With an indignant shake, the child clambered down from the cart. There was no grace to her movements, for she was so small that she simply tumbled over the side when she tried to lower herself, landing in a pitiful heap on the forest floor with a bruised side and smarting ribs. Biting her lip in response to the pain, she stood, staring about her at the dark forest with trepidation.
All around her was a forest, tall and dark and whispering with movement at all times. Nothing was still, from the leaves above to the small things fluttering about the canopy in wide, dizzy circles. Though there was no undergrowth, she could feel the place pressing in on her and there seemed to be no space to move, no space to breathe. Everywhere there was darkness. And so, she ran, calling out again and again to her father, her voice begging him to respond. And still there was silence in the forest, near perfect silence with only the whispering of the leaves above to break it.
What felt like hours passed, though it must only have been minutes, when she encountered the pool of water, and she leaned back, sliding across the wet grass surrounding it in an attempt to stop before she landed in it. And stop she did, mere inches from the edge, her own frightened eyes gazing waveringly up at her from the dark water. Above her, she could see the sky, and though it was snowing when they had entered the forest, no snow fell here. As she puzzled this through, it slowly dawned upon her that here the air was warm, calm, and leaves moved lazily as the wind caused the heavy branches to bow their heads. Summer lived in this glade, keeping the ice from the pools and the grass green. It lived where their wagon was too, though not so strongly there, for the grass had not been withered and the cold and snow had not penetrated there.
So lost in thought was she that she nearly did not see him, standing so still as to be scarcely breathing. Beneath one of the great trees, her father, he with the creased coat, stood watching the night with a focused gaze, his eyes set on a distant point in the darkness. Father!
the little one called, her voice quiet in the hush of the clearing. With a panicked look, she scrambled towards him through the mud, as though she feared that he would once again desert her. Reaching him, she thrust her face into his side, hiding her eyes and waiting for a reassuring nuzzle, the feel of warm breath and whiskers on her face. Yet, it didn't come, nor did the old stallion seem to notice her, for he did not acknowledge her presence at all. Looking up, she followed his gaze, her face bearing a look of hurt and once again threatening tears. And she froze, cowering back, when she saw where he was looking, her ears lying flat to her neck and her pelt bristling.
It was large, towering in the distance and strangely distorted against the giant trees that made their home in the heart of the woods. Yet, as tall as they were, its spiny antlers nearly brushed the lower branches of the very smallest ones, which she measured to be at over ten feet from the ground. And it blended with the shadows as it slowly approached, melding with them and then reappearing, mist trailing behind it and its silver face gleaming. Those eyes, the eyes that were too near, too piercing, too knowing, too blue for it to be natural, shining and gleaming above a mouth full of teeth that twisted dementedly to smile at her. And it smiled and smiled and smiled, this twisted creature with the grace of a deer.
As it drew nearer, she huddled closer to her father, begging him silently to run and take her far away, but he didn't move or speak. She looked up, one eye squinting and saw him staring at her, saw the stars in his warm brown eyes and then through them as he slowly faded away, leaving her crouching as the creature loomed ever nearer.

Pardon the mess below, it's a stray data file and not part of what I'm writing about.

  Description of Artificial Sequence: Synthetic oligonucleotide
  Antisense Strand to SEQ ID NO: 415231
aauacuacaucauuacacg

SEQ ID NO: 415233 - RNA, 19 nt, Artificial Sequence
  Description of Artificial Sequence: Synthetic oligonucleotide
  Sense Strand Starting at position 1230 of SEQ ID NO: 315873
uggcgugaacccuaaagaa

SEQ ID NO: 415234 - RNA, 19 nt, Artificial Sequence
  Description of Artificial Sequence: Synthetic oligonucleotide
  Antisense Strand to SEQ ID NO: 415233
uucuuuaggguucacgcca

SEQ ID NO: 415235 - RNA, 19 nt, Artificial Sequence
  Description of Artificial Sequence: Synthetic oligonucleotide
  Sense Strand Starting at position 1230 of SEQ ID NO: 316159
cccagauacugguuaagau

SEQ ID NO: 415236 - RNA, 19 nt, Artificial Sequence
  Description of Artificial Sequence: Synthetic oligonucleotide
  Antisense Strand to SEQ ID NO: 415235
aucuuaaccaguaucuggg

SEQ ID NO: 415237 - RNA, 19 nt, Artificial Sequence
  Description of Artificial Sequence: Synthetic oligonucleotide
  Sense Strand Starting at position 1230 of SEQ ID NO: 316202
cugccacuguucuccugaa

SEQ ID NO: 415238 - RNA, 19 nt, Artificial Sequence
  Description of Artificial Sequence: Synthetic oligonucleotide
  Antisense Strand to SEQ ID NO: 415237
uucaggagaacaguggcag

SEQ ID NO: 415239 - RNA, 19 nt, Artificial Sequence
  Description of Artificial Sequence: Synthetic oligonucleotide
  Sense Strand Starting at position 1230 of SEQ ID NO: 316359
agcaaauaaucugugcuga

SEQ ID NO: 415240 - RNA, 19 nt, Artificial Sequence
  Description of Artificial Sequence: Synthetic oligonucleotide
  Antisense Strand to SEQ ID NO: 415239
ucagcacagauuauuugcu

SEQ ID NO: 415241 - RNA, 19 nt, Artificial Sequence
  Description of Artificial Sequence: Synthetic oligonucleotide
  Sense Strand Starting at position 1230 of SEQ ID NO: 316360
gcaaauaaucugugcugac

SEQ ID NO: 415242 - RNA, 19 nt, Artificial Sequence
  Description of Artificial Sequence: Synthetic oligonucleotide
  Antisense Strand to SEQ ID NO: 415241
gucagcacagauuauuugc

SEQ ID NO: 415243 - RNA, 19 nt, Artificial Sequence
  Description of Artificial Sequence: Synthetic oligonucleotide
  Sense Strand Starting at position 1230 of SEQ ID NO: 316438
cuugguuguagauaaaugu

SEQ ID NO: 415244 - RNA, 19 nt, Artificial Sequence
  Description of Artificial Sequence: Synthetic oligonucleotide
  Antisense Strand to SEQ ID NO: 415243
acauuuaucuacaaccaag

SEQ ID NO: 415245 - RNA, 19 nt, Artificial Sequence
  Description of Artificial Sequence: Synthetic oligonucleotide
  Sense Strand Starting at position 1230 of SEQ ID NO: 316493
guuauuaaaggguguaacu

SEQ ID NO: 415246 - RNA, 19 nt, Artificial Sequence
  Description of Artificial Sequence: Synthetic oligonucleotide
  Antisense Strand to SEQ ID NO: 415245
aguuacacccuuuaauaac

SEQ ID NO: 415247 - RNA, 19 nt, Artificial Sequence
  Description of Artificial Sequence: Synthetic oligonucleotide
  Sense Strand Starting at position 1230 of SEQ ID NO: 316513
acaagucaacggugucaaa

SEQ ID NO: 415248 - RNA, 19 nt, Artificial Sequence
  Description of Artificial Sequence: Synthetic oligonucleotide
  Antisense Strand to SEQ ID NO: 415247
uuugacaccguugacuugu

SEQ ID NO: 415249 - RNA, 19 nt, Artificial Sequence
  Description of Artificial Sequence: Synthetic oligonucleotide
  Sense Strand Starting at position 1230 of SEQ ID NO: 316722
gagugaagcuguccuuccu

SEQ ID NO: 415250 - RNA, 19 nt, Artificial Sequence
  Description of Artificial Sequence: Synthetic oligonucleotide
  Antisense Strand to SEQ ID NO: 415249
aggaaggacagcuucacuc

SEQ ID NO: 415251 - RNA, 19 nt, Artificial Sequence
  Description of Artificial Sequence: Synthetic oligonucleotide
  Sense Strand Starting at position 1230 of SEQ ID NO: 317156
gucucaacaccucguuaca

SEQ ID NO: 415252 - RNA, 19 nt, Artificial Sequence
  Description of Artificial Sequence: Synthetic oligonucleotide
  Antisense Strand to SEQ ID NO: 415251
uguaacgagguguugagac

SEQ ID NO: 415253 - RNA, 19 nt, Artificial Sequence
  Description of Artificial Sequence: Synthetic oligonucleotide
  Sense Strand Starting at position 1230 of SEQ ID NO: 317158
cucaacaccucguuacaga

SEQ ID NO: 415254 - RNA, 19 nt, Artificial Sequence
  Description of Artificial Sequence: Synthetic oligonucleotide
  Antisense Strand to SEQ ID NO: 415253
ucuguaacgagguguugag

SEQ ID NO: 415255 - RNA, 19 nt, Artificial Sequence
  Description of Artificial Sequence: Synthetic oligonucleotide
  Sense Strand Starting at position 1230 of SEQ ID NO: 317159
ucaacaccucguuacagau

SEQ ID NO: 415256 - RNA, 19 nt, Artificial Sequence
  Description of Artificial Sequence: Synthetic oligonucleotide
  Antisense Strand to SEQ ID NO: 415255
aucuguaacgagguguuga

When she looked up again, its face was mere centimeters from her own and she saw once again its eyes, staring at her with a strange intensity. Its pointed teeth, as long as her hoof, shone in its mouth as it smiled again at her before speaking in a peculiar voice. Soft, gentle, breathy, and unmistakably that of a young woman. You're a long way from home, deary, and you're all alone.
It blinked and smiled, tilting its head until its antlers brushed the ground. Its voice came again, this time that of an old man, quiet and weary. You shouldn't stay here for long. Go home to your mother. There are strange things here, my pet.
Struggling to speak, she called out to it as it turned, her eyes wide and her face pale. Wait! Where is my father? Who are you?
And the blood in her veins seemed to turn to ice as it turned and smiled at her once again. In a slow voice as deep as the waves at sea - the voice of her father - it spoke one last time.Oh, darling, don't worry... I'll come for you later.
To those who have seen him, he seems always to be Later, presumably due to their fears of him 'coming for them later.' Because he finds this to be amusing, he has adopted Later to be his primary name.Gender:
Possibly the most unsettling thing about Later is that he does not seem to have his own voice. Like a mockingbird, he mimics the sounds that he's heard before, but shows his intelligence by 'stealing' the voice of the last person he heard and speaking as they would until he decides to adopt another voice.Personality:
Though frightening at times, Later does not seem to be openly malicious, nor does he seem to have a real motivation for his actions other than his own entertainment. He deals specifically with the relatives of travellers who have passed on in the woods - such as the father unicorn, who died of exhaustion and cold soon after entering the forest - frightening them so that they do not stay. Despite his unsettling parting words, however, there is no evidence that he ever seeks out those who have seen him or harms them. On the contrary, there have been reports of a mysterious deer that serves as a protector to those who pass through the woods at night. Whether this is Later or an unnamed counterpart is unclear, however.
In truth, Later is actually quite gentle and benevolent, given that he is one of Them, and fills his role in the world with little to no disruption. He cares for no one other than Honorah and Fleet, considering the others of his kind to be barbaric and mortal creatures to be too silly and destructive to bother with.Relationship clarification:
Later does not harbor nor confess romantic feelings towards anyone at this point. He finds Honorah interesting and Fleet is his best friend, nothing more.